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Prayer in the Ancient World (PAW) is an innovative resource on prayer in the ancient Near East and Mediterranean. The over 350 entries in PAW showcase a robust selection of the range of different types of prayers attested from Mesopotamia, Egypt, Anatolia, the Levant, early Judaism and Christianity, Greece, Rome, Arabia, and Iran, enhanced by critical commentary.
The project illustrates the variety of ways human beings have sought to communicate with or influence beings with extraordinary superhuman power for millennia. By including diverse examples such as vows and oaths, blessings, curses, incantations, graffiti, iconography, and more, PAW casts a wide net. In so doing, PAW privileges no particular tradition or conception of how to interact with the divine; for example, the project refuses to perpetuate a value distinction between “prayer,” “magic,” and “cursing.”

Detailed overviews introduce each area and address key issues such as language and terminology, geographical distribution, materiality, orality, phenomenology of prayer, prayer and magic, blessings and curses, and ritual settings and ritual actors. In order to be as comprehensive as practically possible, the volume includes a representative prayer of every attested type from each tradition.

Individual entries include a wealth of information. Each begins with a list of essential details, including the source, region, date, occasion, type and function, performers, and materiality of the prayer. Next, after a concise summary and a brief synopsis of the main textual witnesses, a formal description calls attention to the exemplar’s literary and stylistic features, rhetorical structure, important motifs, and terminology. The occasions when the prayer was used and its function are analyzed, followed by a discussion of how this exemplar fits within the range of variation of this type of prayer practice, both synchronically and diachronically. Important features of the prayer relevant for cross-cultural comparison are foregrounded in the subsequent section. Following an up-to-date translation, a concise yet detailed commentary provides explanations necessary for understanding the prayer and its function. Finally, each entry concludes with a bibliography of essential primary and secondary resources for further study.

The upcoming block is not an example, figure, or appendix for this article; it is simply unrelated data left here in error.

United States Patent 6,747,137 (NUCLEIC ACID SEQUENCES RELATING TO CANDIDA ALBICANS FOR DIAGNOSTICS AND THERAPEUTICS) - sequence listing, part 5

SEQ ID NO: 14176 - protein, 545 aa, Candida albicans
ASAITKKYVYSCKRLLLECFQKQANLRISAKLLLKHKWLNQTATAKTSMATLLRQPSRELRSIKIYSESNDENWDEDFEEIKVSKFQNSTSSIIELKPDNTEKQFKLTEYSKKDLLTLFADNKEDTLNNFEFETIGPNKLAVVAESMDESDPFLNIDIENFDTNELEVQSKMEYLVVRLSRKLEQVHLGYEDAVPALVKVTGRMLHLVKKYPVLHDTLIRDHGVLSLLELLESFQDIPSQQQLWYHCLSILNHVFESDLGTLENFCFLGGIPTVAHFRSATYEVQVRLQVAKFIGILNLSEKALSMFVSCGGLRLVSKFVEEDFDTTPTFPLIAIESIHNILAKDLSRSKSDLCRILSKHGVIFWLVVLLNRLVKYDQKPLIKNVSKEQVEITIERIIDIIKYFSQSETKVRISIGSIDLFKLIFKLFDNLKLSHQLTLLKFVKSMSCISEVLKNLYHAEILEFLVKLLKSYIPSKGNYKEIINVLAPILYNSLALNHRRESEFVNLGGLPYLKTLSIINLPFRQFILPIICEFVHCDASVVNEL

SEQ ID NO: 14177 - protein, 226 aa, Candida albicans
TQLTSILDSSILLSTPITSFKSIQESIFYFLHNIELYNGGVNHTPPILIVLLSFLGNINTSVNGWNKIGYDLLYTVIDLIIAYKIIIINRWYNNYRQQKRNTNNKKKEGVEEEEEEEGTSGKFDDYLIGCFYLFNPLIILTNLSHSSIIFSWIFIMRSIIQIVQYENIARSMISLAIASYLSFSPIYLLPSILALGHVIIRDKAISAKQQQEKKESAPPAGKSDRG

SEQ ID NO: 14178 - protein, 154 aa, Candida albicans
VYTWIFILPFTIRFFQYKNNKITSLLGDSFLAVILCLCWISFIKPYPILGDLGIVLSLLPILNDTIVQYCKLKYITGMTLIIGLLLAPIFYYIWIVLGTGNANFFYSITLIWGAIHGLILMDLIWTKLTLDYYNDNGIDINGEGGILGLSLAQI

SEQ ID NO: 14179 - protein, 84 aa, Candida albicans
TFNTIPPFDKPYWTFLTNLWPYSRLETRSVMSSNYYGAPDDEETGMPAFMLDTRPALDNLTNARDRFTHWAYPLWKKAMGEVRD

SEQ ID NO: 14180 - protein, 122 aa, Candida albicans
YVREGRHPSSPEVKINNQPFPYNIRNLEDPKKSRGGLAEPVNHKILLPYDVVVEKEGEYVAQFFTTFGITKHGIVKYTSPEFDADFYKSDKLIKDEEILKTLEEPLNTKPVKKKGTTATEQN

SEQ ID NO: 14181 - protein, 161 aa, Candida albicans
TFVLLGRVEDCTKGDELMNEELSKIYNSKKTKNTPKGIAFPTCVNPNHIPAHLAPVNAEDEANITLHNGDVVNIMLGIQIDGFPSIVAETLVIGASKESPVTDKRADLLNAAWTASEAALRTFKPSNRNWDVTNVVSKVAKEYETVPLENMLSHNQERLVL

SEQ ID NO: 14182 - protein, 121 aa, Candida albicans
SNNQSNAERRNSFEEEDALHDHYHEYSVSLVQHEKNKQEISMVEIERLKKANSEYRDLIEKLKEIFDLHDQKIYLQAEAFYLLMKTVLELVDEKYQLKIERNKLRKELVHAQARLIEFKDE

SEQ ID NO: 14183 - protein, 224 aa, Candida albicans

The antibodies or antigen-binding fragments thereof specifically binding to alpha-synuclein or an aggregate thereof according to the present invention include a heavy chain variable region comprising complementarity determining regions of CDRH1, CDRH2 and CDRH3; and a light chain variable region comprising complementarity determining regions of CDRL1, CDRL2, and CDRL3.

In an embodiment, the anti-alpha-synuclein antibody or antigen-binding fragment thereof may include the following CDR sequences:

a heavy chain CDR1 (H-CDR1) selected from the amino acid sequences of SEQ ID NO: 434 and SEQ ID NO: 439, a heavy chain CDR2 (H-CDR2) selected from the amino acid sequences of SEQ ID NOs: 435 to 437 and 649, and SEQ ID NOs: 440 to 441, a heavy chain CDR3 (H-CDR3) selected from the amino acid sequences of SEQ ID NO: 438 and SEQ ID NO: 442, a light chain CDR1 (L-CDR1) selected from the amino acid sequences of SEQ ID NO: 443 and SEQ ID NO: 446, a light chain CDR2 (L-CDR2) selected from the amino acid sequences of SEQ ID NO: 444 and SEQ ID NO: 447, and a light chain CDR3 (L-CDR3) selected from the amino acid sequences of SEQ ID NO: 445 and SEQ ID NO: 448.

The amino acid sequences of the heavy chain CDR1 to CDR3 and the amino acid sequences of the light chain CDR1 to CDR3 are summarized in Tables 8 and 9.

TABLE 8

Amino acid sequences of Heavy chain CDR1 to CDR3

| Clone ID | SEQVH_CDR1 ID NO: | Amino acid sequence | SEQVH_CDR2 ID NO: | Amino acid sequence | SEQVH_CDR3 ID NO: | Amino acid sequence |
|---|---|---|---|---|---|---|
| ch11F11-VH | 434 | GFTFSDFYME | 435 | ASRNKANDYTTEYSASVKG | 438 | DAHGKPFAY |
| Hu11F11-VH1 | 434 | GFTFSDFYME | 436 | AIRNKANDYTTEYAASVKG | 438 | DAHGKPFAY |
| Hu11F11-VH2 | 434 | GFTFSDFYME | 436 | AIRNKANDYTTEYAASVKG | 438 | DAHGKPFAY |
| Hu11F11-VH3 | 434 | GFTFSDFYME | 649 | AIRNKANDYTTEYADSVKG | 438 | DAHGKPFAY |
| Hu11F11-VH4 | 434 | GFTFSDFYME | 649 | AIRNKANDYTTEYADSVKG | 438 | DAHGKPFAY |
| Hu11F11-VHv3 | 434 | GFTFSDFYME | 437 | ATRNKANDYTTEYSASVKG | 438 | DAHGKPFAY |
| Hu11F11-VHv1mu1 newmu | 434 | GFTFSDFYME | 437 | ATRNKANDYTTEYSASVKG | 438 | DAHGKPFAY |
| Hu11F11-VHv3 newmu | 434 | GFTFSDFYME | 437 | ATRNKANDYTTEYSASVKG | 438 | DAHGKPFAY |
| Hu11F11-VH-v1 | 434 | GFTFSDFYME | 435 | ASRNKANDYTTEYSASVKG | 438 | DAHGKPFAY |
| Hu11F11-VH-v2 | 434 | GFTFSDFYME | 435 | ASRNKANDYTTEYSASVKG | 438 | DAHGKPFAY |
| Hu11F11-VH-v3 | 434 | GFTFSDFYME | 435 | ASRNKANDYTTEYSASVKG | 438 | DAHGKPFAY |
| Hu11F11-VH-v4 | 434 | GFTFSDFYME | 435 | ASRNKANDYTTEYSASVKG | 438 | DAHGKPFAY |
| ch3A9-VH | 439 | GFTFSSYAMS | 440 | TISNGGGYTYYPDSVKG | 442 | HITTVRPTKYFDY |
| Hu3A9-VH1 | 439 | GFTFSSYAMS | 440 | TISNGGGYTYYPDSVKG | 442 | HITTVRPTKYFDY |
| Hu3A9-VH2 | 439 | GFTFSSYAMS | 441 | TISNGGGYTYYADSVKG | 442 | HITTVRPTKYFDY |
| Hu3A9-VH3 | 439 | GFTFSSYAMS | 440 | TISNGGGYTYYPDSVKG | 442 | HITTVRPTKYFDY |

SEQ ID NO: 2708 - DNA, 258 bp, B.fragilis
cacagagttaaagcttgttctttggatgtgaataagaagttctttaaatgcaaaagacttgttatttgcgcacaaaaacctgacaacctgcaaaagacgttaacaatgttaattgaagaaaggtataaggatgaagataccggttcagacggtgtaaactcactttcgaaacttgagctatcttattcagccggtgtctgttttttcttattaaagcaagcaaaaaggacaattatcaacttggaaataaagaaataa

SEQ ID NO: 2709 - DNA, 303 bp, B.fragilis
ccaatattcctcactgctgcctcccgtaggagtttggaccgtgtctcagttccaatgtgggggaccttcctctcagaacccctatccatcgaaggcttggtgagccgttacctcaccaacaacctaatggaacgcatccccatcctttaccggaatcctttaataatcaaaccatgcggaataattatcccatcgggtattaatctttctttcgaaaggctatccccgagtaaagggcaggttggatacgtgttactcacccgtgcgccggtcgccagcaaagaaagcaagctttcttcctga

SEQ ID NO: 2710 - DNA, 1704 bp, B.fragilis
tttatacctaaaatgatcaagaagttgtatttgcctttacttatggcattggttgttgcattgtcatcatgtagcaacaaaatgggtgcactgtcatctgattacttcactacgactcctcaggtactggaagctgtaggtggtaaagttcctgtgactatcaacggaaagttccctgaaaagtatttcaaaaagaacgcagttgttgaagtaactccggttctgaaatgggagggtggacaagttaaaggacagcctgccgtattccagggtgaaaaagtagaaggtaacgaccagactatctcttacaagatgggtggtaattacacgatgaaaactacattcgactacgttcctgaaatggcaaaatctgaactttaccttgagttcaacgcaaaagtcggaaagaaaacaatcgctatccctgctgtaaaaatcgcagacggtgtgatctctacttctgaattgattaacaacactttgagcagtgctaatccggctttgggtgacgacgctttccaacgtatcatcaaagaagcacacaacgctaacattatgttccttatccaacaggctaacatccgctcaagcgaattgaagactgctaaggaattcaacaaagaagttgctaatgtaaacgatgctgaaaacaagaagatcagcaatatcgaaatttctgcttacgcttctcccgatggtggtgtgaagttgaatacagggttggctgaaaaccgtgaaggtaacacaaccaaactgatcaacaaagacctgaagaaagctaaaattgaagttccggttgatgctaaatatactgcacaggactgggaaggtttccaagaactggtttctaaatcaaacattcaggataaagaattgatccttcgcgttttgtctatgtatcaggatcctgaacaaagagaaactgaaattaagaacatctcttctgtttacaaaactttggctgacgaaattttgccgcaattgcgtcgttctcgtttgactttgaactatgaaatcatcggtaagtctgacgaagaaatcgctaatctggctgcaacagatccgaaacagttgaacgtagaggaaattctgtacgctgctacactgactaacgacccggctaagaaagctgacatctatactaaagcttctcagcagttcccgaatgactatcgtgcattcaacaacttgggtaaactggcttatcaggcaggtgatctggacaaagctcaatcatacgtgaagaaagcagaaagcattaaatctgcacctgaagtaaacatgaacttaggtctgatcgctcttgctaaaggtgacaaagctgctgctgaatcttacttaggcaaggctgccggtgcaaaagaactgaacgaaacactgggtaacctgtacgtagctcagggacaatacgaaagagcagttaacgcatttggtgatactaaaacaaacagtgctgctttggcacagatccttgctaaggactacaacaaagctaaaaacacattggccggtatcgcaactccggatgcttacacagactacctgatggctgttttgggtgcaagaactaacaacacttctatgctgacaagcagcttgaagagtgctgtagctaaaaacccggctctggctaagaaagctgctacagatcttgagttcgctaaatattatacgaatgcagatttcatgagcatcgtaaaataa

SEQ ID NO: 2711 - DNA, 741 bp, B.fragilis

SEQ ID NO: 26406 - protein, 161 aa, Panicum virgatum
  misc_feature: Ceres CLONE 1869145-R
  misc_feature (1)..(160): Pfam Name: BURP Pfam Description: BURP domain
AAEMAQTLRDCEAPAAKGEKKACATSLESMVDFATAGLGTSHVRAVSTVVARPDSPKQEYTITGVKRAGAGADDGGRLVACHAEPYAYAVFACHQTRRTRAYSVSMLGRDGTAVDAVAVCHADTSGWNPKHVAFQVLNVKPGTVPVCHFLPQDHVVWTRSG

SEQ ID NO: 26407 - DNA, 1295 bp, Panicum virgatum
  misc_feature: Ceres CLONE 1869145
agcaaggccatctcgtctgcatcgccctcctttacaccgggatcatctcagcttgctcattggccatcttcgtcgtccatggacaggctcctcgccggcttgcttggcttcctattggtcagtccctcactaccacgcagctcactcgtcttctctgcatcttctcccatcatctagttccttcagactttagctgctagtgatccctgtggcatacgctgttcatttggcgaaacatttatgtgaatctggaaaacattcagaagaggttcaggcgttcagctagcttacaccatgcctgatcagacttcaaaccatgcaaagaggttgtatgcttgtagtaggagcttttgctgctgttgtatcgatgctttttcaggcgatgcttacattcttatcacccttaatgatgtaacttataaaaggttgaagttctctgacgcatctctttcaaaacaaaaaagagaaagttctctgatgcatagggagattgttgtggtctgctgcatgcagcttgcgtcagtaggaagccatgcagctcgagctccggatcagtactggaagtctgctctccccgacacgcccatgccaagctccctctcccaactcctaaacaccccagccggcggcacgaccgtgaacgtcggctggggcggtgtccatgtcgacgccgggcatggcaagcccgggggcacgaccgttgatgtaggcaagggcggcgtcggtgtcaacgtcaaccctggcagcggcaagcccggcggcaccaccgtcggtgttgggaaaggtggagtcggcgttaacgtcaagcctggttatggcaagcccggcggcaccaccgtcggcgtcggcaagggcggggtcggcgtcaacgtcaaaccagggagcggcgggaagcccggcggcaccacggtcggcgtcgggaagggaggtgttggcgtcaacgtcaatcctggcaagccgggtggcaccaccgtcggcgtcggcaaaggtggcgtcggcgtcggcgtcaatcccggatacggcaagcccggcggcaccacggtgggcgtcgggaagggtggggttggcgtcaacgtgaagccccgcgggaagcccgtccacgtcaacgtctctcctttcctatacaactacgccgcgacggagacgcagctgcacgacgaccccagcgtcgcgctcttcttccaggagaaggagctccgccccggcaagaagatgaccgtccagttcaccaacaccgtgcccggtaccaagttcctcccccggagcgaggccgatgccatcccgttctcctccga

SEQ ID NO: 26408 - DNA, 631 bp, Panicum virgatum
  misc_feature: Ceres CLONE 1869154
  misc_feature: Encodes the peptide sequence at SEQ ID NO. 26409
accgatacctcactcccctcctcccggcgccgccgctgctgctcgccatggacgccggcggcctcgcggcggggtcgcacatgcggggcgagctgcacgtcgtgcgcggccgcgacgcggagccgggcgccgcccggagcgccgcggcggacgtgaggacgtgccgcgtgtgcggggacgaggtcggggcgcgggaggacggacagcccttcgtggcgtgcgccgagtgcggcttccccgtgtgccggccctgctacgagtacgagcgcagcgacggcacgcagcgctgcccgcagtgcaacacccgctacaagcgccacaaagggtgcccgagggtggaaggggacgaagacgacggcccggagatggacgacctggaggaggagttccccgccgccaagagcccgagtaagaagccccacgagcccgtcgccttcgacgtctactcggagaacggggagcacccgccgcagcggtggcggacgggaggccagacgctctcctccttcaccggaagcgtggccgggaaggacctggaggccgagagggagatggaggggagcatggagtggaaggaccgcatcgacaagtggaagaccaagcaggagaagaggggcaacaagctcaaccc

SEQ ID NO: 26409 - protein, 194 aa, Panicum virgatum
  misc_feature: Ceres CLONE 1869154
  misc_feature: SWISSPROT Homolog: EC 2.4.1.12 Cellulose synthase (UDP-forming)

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This study reframes and reorients the study of 2 Enoch, moving beyond debates about Christian or Jewish authorship and considering the work in the context of eclectic and erudite cultures in late antiquity, particularly Syria. The study compares the work with the Parables of Enoch and then with a variety of writings associated with late antique Syrian theology, demonstrating the distinctively eclectic character of 2 Enoch. It offers new paradigms for research into the pseudepigrapha.